Suncoast Bird Rescue volunteers release a pelican at Indian Rocks Beach.
INDIAN ROCKS BEACH – A new bird rescue operation has begun in Pinellas County and its founder says it is to fill a void.
Robin Vergara of Indian Rocks Beach started the Suncoast Bird Rescue organization several weeks ago and recently it was sanctioned by the state of Florida as an official nonprofit organization.
Vergara, who spent a year volunteering at the Suncoast Seabird Sanctuary in Redington Shores, said he decided to branch out to fill the void left when the Sanctuary stopped taking injured birds because of financial difficulties.
“I always knew we needed another facility regardless of what was happening there,” he said. “It may have speeded it up but there were calls coming in for injured birds and we hopped in. We rescued the birds and brought them to a couple of different vets that we work with.”
Vergara partnered with friend Mel Taylor to set up the operation.
“We realized having lived here in Indian Rocks Beach that there was a great need for bird rescue and rehab,” he said. “So we jumped in, we felt like it was something that had to exist. It is not a luxury but an absolute necessity to have a well-run and managed bird facility here on the beach.”
Technically the new bird rescue facility is not on the beach. It isn’t anywhere yet. Talks have begun to form some sort of cooperative effort with the Clearwater Marine Aquarium.
Vergara and Taylor are talking with the city of Largo to establish a rescue center at McGough Park on Walsingham Road near the bridge to Gulf Boulevard. Taylor says that appears to be the most promising site so far.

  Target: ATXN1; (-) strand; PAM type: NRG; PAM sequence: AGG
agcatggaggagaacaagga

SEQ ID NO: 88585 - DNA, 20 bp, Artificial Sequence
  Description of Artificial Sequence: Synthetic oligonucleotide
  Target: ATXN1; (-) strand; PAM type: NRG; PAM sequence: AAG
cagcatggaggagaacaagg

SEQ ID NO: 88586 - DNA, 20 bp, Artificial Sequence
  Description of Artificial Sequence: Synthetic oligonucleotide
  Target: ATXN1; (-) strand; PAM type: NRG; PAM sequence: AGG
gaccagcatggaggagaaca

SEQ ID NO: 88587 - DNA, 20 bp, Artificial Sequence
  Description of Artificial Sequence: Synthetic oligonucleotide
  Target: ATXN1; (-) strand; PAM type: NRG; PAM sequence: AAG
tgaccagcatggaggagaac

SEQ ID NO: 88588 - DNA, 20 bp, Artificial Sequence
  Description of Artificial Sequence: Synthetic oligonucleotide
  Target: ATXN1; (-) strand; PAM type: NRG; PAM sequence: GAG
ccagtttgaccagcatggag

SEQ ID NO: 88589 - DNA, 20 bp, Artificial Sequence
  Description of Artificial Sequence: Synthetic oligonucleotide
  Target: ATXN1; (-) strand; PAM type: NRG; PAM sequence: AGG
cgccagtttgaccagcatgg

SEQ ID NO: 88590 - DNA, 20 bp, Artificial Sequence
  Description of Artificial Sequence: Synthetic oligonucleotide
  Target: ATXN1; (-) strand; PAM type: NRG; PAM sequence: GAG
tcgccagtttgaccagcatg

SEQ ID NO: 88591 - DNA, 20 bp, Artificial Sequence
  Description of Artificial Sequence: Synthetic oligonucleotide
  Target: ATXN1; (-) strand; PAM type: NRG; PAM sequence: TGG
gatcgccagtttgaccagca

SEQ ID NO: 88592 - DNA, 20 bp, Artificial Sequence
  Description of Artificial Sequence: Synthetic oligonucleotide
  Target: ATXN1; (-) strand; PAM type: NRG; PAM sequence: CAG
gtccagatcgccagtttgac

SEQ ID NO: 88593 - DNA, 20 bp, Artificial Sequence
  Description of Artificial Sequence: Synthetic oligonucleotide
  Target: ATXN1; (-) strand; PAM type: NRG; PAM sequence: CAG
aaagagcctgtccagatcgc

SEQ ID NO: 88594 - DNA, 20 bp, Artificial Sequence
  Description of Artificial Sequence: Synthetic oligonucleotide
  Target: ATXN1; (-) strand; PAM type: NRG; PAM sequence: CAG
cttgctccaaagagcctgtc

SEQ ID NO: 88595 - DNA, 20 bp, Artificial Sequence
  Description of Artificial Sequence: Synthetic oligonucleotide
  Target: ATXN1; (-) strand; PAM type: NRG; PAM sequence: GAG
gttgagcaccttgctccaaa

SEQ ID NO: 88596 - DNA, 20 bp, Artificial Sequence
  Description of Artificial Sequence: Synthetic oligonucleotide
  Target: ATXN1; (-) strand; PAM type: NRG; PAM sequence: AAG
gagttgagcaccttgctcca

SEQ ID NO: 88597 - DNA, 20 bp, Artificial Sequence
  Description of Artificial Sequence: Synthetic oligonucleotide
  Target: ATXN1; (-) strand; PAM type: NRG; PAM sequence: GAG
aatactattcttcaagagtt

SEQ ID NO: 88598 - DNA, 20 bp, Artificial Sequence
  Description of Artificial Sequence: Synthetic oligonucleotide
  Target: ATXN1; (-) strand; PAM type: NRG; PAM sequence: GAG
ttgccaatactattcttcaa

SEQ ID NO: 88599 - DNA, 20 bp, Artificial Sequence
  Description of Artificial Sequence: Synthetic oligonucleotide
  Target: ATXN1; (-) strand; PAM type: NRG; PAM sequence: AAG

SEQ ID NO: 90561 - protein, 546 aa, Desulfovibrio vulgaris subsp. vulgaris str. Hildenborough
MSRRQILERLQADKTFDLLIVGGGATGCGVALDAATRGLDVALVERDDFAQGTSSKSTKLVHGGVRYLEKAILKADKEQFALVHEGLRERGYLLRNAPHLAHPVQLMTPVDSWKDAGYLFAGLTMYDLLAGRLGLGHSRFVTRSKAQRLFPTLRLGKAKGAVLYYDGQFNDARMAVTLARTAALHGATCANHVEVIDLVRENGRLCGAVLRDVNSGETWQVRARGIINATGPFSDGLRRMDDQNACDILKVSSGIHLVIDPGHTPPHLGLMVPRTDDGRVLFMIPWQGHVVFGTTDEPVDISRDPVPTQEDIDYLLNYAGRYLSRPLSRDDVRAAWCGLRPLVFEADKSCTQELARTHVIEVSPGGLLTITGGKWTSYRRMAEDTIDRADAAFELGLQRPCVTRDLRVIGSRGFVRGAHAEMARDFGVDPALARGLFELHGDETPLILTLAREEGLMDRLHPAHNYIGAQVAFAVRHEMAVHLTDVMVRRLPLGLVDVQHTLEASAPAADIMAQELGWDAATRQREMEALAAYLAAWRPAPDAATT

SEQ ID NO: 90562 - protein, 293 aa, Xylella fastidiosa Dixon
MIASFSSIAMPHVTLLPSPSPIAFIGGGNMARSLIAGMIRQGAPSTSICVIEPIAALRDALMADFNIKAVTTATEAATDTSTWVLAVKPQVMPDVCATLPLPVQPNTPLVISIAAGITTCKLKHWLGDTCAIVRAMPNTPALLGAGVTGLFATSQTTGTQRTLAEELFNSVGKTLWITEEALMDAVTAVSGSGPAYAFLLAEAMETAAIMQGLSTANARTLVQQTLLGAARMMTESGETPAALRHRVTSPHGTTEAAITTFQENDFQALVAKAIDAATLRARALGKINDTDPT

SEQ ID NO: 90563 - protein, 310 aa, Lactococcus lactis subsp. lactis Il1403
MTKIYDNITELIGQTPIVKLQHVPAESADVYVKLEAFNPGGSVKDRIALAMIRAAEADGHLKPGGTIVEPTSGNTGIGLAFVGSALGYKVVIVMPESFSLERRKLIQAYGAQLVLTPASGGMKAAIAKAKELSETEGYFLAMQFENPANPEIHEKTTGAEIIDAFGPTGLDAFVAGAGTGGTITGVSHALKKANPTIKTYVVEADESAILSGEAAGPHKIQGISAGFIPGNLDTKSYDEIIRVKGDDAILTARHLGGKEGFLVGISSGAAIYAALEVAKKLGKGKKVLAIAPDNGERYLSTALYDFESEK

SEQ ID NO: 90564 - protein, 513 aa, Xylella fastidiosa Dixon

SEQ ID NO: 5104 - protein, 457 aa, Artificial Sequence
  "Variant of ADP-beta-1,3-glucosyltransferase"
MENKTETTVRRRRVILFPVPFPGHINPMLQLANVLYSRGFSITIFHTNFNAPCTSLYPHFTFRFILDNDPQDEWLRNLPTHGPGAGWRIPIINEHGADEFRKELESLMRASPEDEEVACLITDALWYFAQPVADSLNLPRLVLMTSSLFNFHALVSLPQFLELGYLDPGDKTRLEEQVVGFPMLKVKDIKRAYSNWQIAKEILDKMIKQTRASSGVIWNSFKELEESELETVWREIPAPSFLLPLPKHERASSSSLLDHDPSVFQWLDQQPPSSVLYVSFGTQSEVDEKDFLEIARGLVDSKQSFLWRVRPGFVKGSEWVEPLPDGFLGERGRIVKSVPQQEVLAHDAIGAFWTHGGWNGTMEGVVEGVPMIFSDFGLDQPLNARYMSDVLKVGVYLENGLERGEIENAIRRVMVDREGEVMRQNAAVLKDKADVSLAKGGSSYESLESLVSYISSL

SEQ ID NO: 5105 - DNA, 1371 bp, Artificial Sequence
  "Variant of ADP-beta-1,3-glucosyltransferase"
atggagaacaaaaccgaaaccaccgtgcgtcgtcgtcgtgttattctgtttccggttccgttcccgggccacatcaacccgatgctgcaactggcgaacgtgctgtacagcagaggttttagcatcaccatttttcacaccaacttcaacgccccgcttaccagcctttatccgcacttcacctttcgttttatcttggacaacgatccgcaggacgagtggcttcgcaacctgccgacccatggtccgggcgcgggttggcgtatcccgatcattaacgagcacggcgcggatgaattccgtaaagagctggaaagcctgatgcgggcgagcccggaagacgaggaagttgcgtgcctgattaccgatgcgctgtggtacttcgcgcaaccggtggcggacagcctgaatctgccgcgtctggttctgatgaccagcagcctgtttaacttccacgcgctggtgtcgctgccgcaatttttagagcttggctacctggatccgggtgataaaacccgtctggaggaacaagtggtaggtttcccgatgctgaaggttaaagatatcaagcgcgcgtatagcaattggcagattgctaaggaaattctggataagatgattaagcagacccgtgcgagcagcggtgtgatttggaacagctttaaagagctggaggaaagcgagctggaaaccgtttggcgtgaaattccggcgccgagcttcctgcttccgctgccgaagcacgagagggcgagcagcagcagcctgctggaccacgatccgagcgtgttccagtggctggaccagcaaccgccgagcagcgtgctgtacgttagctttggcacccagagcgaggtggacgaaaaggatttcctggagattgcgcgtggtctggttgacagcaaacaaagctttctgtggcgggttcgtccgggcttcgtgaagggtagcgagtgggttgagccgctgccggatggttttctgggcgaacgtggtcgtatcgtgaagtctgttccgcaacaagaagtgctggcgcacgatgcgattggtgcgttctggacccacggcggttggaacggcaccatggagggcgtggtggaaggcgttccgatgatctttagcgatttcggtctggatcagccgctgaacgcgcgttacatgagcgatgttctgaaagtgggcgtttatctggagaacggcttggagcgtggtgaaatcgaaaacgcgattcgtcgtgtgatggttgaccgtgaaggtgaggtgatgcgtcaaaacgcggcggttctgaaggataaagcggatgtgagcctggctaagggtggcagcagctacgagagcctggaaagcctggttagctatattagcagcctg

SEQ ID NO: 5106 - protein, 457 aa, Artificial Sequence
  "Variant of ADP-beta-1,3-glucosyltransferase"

“Robin has spent time talking with a number of municipalities and so far Largo has been the most active, although everything to date has been informal,” said Taylor, a resident of Philadelphia who is considering moving to Pinellas County soon. “The talks have progressed to the point where we believe they are quite serious.”
In early March, Vergara disclosed that Barbara Suto was joining the group. For 30 years Suto was the hospital supervisor at the Suncoast Seabird Sanctuary. Her departure was connected to the financial difficulties at that facility. Taylor says she’s a welcome addition to the group.
“She is extremely important because she brings so much expertise and experience to the operation,” he said. “She is nationally recognized. She’s looked upon as one of the top rehabbers in the country. Everyone in the avian community knows who she is.”
Micki Eslick, the operations manager at the Suncoast Seabird Sanctuary, says Suto will be missed from their operation.
“She was our hospital supervisor and has been here for 30 years,” she said. “She is world renowned. I was surprised when she said she was leaving.”
Eslick said reports that Suto and others had not been paid were exaggerated.
“It is not that they haven’t been paid,” she said. “They were getting money as we were getting it. They are behind, yes, but they have been receiving money. We are financially strapped, very strapped.”
The fact that a new bird rescue facility is opening is welcome news, said Eslick.
“The birds need all the help they can get, I’m for rescuing birds,” she said. “We’ve taken in from 5,000 to 10,000 birds every year. So to take some of the burden off us is wonderful. We’ve had so many injured birds it has been overwhelming.”
Despite having suspended hospital operations the Sanctuary remains open and Eslick says the birds that are at the facility will continue to be cared for and fed.